Jenna:
So now that we've talked a bit about determining when you need a new site versus a refresh site, I want to go a bit deeper into what makes up a proper website strategy. So what should your site actually be doing for you? And while that sounds like somewhat of a simple question again, kind of what we've hinted at earlier is we've worked with many clients and have heard about it, that it's not unusual for a company to come to us and say, you know, but I have a website, so that's good enough, right? Or, you know, well, I have a Facebook page, so do I need a website? So we want to talk through that a bit more and discuss a few things like what every website should be doing for you.

Jenna:
So first your site should be a source of truth for your brand and your company info. It should welcome visitors and it should help them find everything they need quickly and easily. So while it should look nice on every device, like we talked about that, that isn't the only goal of your site. Your website should be generating leads for you because a website that doesn't work for you is simply a waste of money just to put it flat out there, a website that does perform like it should, that can be a really valuable asset. And you need to think of it as having another salesperson, just an extension of your sales team. And that can become really powerful. So again, there are many sites or many companies out there that have an existing website that essentially acts like an online brochure. And in this day and age, that's simply not enough to cut it and you're not setting up your company for success if that's all it is right now.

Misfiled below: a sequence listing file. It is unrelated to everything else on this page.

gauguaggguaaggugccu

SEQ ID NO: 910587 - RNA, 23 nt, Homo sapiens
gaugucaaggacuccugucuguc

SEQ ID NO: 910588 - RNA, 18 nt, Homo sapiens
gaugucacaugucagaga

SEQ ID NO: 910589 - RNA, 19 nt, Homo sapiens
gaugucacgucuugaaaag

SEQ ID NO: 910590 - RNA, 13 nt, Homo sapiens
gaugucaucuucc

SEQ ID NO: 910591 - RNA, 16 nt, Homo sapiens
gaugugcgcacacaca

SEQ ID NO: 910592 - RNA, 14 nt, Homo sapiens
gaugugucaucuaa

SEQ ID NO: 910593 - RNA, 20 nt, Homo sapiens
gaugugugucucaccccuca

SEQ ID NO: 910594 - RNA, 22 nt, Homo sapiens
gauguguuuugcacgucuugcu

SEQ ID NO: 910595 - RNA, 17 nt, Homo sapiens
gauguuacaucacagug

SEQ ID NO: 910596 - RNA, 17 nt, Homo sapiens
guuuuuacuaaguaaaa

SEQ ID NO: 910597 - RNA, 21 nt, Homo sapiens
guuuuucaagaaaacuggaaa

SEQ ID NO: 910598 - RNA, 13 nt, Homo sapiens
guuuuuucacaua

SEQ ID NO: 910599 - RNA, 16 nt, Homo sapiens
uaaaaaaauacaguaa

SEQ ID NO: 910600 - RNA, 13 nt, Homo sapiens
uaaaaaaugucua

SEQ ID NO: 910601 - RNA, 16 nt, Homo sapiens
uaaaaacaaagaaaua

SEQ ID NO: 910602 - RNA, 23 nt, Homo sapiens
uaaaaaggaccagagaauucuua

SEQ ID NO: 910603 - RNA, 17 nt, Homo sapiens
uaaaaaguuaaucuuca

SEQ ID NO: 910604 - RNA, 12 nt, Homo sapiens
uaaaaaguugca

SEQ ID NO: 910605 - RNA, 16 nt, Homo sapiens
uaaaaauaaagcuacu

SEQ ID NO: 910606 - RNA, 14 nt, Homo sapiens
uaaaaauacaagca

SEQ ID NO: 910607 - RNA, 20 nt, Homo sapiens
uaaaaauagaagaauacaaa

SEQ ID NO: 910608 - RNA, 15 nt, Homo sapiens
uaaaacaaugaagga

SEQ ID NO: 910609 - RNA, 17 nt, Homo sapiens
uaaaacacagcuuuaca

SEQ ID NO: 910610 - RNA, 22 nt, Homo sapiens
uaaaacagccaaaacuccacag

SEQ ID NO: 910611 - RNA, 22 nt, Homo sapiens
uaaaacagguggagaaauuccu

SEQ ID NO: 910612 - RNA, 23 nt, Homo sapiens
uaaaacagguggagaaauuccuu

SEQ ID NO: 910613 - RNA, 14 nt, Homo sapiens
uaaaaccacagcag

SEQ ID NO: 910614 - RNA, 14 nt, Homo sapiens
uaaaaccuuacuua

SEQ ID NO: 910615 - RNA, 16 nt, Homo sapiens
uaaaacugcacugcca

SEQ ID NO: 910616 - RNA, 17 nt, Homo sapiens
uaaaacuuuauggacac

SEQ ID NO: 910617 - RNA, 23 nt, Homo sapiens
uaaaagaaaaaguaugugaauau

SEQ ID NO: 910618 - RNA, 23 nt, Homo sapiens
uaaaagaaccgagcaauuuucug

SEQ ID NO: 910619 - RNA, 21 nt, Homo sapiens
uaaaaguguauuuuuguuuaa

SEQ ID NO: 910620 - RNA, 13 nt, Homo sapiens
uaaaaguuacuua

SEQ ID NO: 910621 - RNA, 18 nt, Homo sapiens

Jenna:
So I also want to talk through a few things about what a good website should have. So again, if you're, you know, you're going to be approaching a new website rebuild, or you're still considering, okay, I know my site is out of date, but I'm not really sure what I need. If I do approach a new website, redesign and build, you can sort of use this as your checklist to make sure you have all those key pieces. So the first is going to be a clean navigation. User experience is going to trump design anytime. While design is important, if your site is not easy to navigate and find your way around, users are going to bounce off it and leave before you even have a chance to convert them. So clean navigation is extremely important. Next you want to have copy that addresses the pain points of your target audience. Also, you want to have images that are targeting your personas or target audience. If your copy and images are off the mark, again, your site is going to lose your visitor and they're not going to stay. You're not going to get them to convert.

Jessica:
And I think the other thing about copy, I want to point out your copy on your website... It should not just be all about you. Me, me, me. That is the fastest way to get people to jump off your website and go somewhere else, because let's be honest, today's buyer doesn't care what you do. They don't care about the widget that you sell or the solution that you have. They want to know how it's going to benefit them. So kind of like Jenna mentioned, talking about those pain points that should really be benefit driven. So as soon as somebody lands on that website, they understand, oh, this is what you guys can do for me. Not what you do for yourself.